In pseudo-story book fashion, Galactic's members descended on the streets of New Orleans in the early '90s in search of music and educations. They found their band-a funk-driven free-for-all that's gaining prominence in the underground jam scene.
Originally without a frontman, bassist Robert Mercurio, guitarist Jeff Raines, keyboardist Rich Vogel, saxophonist Ben Ellman and drummer Rich Vogel dedicated their efforts toward instrumental funk.
It wasn't until 1996, when Galactic signed a record deal with Capricorn Records, that producer Dan Prothero thought it would be a good idea to get some vocals on some of the cuts. They picked up singer Theryl “The Houseman” de Clouet.
New Orleans' musical history is as thick as the humid, murky, smoggy air that hangs over the city's downtown district. Names like the Meters and the Neville Brothers loom almost as large, and the influences naturally seep into nearly every new ensemble.
“A drummer from New Orleans will always sound like a drummer from New Orleans,” Mercurio jokes.
After adding Clouet and recording their debut, Coolin' Off, Galactic racked as many tour dates as other road warriors like Phish, Widespread Panic and Dave Matthews Band.
Like a veggie burrito-hawking Voltron, these bands often joined together for legendary summer concert tours like the H.O.R.D.E. and Mountain High Music festivals. Many of the relationships endured, and as other bands gained huge success, Galactic was often invited to open up the party for Widespread Panic, Phil Lesh and Little Feat. Opening slots like these can do a lot to offset the fact that commercial radio and MTV won't touch a jam band like Galactic.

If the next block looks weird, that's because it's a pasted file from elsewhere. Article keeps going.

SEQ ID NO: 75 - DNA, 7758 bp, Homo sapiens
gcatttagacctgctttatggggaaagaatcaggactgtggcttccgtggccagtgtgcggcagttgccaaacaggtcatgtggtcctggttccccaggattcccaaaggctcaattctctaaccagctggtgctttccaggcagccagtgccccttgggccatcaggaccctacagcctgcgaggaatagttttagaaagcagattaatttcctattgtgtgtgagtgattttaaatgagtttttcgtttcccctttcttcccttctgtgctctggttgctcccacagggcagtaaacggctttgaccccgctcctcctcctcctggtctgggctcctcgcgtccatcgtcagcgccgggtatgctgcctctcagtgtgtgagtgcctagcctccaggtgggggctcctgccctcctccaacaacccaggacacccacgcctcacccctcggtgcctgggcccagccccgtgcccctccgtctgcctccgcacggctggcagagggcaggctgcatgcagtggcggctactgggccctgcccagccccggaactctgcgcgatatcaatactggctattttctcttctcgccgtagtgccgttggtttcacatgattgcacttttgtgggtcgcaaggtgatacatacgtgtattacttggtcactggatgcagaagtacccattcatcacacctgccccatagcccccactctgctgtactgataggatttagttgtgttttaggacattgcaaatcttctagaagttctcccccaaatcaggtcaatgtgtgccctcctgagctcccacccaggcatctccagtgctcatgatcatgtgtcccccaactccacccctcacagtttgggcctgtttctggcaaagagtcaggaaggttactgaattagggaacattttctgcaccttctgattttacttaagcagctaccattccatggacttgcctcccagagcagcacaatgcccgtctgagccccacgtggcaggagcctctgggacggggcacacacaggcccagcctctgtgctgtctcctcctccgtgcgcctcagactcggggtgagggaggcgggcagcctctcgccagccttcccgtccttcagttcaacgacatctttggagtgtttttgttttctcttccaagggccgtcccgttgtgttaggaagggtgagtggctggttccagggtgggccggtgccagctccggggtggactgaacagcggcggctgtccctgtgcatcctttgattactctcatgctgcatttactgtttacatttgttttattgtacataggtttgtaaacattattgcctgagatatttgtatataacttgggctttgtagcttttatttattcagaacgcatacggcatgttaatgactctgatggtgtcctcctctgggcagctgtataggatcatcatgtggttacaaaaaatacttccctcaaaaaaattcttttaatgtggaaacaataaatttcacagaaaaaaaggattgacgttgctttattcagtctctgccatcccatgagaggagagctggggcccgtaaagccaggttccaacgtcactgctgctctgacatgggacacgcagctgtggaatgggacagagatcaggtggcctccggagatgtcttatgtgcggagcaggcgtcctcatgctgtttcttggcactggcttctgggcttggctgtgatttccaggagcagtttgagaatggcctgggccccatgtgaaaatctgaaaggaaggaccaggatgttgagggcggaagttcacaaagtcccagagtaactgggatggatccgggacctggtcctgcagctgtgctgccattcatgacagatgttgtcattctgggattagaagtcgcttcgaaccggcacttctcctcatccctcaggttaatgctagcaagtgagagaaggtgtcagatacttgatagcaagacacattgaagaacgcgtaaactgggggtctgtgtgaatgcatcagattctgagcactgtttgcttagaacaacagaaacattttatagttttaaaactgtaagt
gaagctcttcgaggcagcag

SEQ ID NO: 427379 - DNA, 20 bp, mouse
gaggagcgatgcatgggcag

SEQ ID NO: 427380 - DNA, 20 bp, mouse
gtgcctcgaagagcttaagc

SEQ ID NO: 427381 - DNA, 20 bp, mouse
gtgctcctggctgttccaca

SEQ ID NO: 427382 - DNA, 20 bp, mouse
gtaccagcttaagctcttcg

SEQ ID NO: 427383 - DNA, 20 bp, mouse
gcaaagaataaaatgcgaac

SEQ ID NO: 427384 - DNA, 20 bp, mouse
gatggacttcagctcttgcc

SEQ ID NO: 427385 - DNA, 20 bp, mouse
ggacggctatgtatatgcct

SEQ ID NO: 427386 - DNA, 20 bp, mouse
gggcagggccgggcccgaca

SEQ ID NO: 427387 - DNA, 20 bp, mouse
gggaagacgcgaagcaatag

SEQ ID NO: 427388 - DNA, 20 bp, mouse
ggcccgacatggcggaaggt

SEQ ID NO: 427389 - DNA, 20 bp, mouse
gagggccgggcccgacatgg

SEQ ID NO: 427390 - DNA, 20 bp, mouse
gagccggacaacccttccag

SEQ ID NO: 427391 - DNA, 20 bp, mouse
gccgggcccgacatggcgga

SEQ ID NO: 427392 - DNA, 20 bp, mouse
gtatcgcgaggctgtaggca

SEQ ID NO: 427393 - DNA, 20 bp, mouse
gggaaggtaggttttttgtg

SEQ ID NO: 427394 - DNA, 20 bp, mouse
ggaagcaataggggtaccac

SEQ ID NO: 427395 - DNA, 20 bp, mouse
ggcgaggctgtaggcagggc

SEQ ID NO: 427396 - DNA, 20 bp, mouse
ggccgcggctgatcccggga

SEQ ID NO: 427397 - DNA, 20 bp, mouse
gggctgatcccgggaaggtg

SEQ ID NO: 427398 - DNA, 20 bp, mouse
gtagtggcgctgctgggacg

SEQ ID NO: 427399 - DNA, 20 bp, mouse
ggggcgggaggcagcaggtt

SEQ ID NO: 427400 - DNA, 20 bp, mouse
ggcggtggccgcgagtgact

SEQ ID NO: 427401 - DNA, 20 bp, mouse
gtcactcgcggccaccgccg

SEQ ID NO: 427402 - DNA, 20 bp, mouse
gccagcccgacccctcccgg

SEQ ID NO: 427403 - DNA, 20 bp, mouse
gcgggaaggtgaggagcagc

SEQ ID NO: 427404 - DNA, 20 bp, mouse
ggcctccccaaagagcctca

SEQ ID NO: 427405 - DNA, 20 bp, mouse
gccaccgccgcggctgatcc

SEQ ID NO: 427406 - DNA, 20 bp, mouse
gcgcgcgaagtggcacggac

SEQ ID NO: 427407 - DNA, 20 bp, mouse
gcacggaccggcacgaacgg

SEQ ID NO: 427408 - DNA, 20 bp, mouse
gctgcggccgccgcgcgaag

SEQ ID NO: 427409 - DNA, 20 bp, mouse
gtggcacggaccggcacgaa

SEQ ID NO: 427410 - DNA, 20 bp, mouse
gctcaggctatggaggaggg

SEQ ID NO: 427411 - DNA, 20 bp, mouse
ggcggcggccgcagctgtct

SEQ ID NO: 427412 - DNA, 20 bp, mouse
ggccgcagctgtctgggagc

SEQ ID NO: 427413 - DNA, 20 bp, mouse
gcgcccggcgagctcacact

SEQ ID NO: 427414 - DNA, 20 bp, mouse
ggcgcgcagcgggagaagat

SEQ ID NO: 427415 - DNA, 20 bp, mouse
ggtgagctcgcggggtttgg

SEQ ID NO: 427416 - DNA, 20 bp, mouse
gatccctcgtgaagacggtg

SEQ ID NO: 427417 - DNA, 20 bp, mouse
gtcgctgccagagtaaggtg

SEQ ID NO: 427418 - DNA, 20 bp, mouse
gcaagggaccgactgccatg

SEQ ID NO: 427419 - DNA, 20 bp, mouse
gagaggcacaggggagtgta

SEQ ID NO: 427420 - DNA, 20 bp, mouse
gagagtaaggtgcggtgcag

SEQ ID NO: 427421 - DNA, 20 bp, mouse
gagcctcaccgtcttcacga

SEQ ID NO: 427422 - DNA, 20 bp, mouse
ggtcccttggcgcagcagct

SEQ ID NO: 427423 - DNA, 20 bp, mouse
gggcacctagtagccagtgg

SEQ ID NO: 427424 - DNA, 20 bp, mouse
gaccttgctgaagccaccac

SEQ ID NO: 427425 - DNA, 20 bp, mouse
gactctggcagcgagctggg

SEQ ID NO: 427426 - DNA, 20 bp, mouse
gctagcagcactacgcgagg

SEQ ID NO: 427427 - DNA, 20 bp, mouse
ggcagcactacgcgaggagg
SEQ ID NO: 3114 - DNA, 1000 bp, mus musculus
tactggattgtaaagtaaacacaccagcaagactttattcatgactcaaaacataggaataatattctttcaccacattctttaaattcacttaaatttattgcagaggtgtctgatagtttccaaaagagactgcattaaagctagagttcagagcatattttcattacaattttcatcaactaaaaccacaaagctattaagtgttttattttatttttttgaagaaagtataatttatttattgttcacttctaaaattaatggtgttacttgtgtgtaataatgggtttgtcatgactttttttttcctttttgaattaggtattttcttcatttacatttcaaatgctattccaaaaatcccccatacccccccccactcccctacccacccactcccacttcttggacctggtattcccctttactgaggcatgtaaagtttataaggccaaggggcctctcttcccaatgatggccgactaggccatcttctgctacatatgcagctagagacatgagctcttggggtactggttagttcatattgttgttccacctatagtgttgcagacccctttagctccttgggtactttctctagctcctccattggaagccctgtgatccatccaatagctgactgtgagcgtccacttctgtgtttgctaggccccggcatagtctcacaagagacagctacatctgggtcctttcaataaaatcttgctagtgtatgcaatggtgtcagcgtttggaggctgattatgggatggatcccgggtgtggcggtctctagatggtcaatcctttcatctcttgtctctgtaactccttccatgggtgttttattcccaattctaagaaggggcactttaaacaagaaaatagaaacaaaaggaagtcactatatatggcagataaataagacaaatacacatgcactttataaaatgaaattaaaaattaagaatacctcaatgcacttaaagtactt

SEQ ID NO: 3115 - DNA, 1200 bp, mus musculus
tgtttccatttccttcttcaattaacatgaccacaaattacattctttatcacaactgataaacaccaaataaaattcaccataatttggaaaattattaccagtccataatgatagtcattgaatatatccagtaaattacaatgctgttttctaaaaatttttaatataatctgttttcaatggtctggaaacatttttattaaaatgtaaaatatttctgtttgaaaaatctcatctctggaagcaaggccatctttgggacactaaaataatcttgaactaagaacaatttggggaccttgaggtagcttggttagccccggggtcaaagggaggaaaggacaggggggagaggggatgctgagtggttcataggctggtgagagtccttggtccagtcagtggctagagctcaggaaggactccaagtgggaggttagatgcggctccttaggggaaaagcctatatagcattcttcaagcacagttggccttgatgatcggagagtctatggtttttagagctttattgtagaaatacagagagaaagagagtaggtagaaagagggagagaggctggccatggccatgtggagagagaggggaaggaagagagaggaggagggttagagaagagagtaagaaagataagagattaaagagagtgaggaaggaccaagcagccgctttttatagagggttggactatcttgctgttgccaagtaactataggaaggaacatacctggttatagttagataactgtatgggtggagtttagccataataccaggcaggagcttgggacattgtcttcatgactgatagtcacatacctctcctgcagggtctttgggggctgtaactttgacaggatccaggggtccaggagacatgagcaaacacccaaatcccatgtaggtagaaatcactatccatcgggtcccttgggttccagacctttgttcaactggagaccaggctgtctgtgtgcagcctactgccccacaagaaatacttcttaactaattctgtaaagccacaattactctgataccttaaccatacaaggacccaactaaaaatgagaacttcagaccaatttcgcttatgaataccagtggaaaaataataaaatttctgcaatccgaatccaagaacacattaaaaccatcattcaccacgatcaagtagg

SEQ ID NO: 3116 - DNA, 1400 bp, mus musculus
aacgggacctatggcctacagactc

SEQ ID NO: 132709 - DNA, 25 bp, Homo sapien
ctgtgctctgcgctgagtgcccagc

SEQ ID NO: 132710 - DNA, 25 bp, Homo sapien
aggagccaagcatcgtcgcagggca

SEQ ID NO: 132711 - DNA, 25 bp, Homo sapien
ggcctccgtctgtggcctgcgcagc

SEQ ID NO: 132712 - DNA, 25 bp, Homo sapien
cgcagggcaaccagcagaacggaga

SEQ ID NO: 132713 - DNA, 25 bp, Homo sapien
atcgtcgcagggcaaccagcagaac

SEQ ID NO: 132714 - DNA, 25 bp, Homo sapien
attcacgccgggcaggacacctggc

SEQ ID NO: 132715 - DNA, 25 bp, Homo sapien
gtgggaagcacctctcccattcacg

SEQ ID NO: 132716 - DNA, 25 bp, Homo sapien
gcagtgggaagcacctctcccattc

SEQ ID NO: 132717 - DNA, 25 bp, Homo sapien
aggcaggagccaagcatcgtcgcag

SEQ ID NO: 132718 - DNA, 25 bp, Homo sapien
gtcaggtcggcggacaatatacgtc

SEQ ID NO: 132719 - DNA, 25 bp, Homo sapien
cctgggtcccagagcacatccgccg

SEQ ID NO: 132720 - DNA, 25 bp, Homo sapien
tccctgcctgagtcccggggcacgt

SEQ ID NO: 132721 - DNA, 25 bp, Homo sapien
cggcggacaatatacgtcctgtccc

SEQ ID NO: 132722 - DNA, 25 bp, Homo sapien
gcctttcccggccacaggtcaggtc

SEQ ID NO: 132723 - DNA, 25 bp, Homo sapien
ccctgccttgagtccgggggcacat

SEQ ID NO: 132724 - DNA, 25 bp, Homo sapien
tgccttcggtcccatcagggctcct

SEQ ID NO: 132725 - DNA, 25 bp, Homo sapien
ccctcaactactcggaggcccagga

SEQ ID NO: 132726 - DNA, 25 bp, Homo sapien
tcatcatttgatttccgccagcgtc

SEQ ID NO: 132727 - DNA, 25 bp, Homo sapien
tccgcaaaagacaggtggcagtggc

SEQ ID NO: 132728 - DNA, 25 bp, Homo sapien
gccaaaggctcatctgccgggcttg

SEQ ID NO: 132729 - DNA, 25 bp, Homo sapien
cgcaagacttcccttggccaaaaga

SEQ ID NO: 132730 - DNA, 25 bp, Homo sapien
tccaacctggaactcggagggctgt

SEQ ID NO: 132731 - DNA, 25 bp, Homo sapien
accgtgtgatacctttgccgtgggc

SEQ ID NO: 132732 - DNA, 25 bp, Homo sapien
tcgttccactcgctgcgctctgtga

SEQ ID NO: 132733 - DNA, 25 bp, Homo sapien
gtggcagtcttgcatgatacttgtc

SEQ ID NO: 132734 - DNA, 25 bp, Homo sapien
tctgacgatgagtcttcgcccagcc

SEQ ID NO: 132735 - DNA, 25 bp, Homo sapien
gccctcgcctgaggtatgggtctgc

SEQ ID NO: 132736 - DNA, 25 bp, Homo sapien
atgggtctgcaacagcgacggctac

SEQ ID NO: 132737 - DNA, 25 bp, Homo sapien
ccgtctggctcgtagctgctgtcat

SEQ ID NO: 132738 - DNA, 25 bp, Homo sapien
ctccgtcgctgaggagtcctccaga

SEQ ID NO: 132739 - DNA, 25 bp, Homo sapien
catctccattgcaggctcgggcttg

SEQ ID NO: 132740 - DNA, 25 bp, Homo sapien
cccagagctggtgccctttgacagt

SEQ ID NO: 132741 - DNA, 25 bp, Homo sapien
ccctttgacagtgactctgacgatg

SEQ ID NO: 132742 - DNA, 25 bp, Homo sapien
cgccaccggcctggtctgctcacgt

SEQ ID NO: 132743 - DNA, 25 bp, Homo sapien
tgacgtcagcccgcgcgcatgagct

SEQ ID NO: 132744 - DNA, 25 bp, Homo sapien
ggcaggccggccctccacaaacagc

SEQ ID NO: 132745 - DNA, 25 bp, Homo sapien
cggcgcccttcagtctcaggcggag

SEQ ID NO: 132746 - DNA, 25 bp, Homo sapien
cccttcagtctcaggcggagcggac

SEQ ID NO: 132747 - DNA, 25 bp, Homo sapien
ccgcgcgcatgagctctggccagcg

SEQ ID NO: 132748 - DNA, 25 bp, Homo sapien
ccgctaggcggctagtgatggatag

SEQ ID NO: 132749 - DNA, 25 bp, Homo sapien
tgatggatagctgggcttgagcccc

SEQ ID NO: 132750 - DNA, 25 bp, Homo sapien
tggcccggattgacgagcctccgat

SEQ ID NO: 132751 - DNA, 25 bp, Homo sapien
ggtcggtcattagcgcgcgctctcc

“A lot of our success has come from touring because the people that go to Panic and Phish shows tend to be a little more open-minded and willing to experiment listening to different music,” Mercurio jokes. “We've never really had any really record label push. It's all due to touring, having people tell their friends, and that's been key through all of our success.”
While the “jam band” label might earn you a fist in the face from Mercurio, he has a tough time disregarding its relevance. Like jam bands, Galactic uses their songs as mere foundations for experimentation.
“It kind of sucks... People ask you, ‘Oh, you're like a Grateful Dead?'” Mercurio explains. “For me, it's a method of performing and trying to create something new on stage. If you just repeat the same song over and over it sucks for the audience and it sucks for the band because the music gets stale.”
In order to keep themselves artistically fresh, Galactic maintains an open relationship. Many of the members have taken time off between the harrying road schedule to pursue side projects. The side projects, in turn, spur new directions for Galactic.
“Sonically, we're getting away from the traditional set-up of the band-you can't always paint in yellow and blue,” Mercurio says, noting that Galactic's been getting into drum 'n' bass lately.
For the moment, the band is without a record label and is riding off the success of their live recording We Love 'Em Tonight, which sampled the band's bluesy Louisiana jazz jams over three nights at their renowned New Orleans court, Tipitina's. Meanwhile, they're working on the studio follow-up to 2000's Late for the Future.
“The new record has a different vibe from the beginning to end,” Mercurio says. “It kind of has a heavier, non-traditional funk vibe that is going to be something uniquely Galactic.”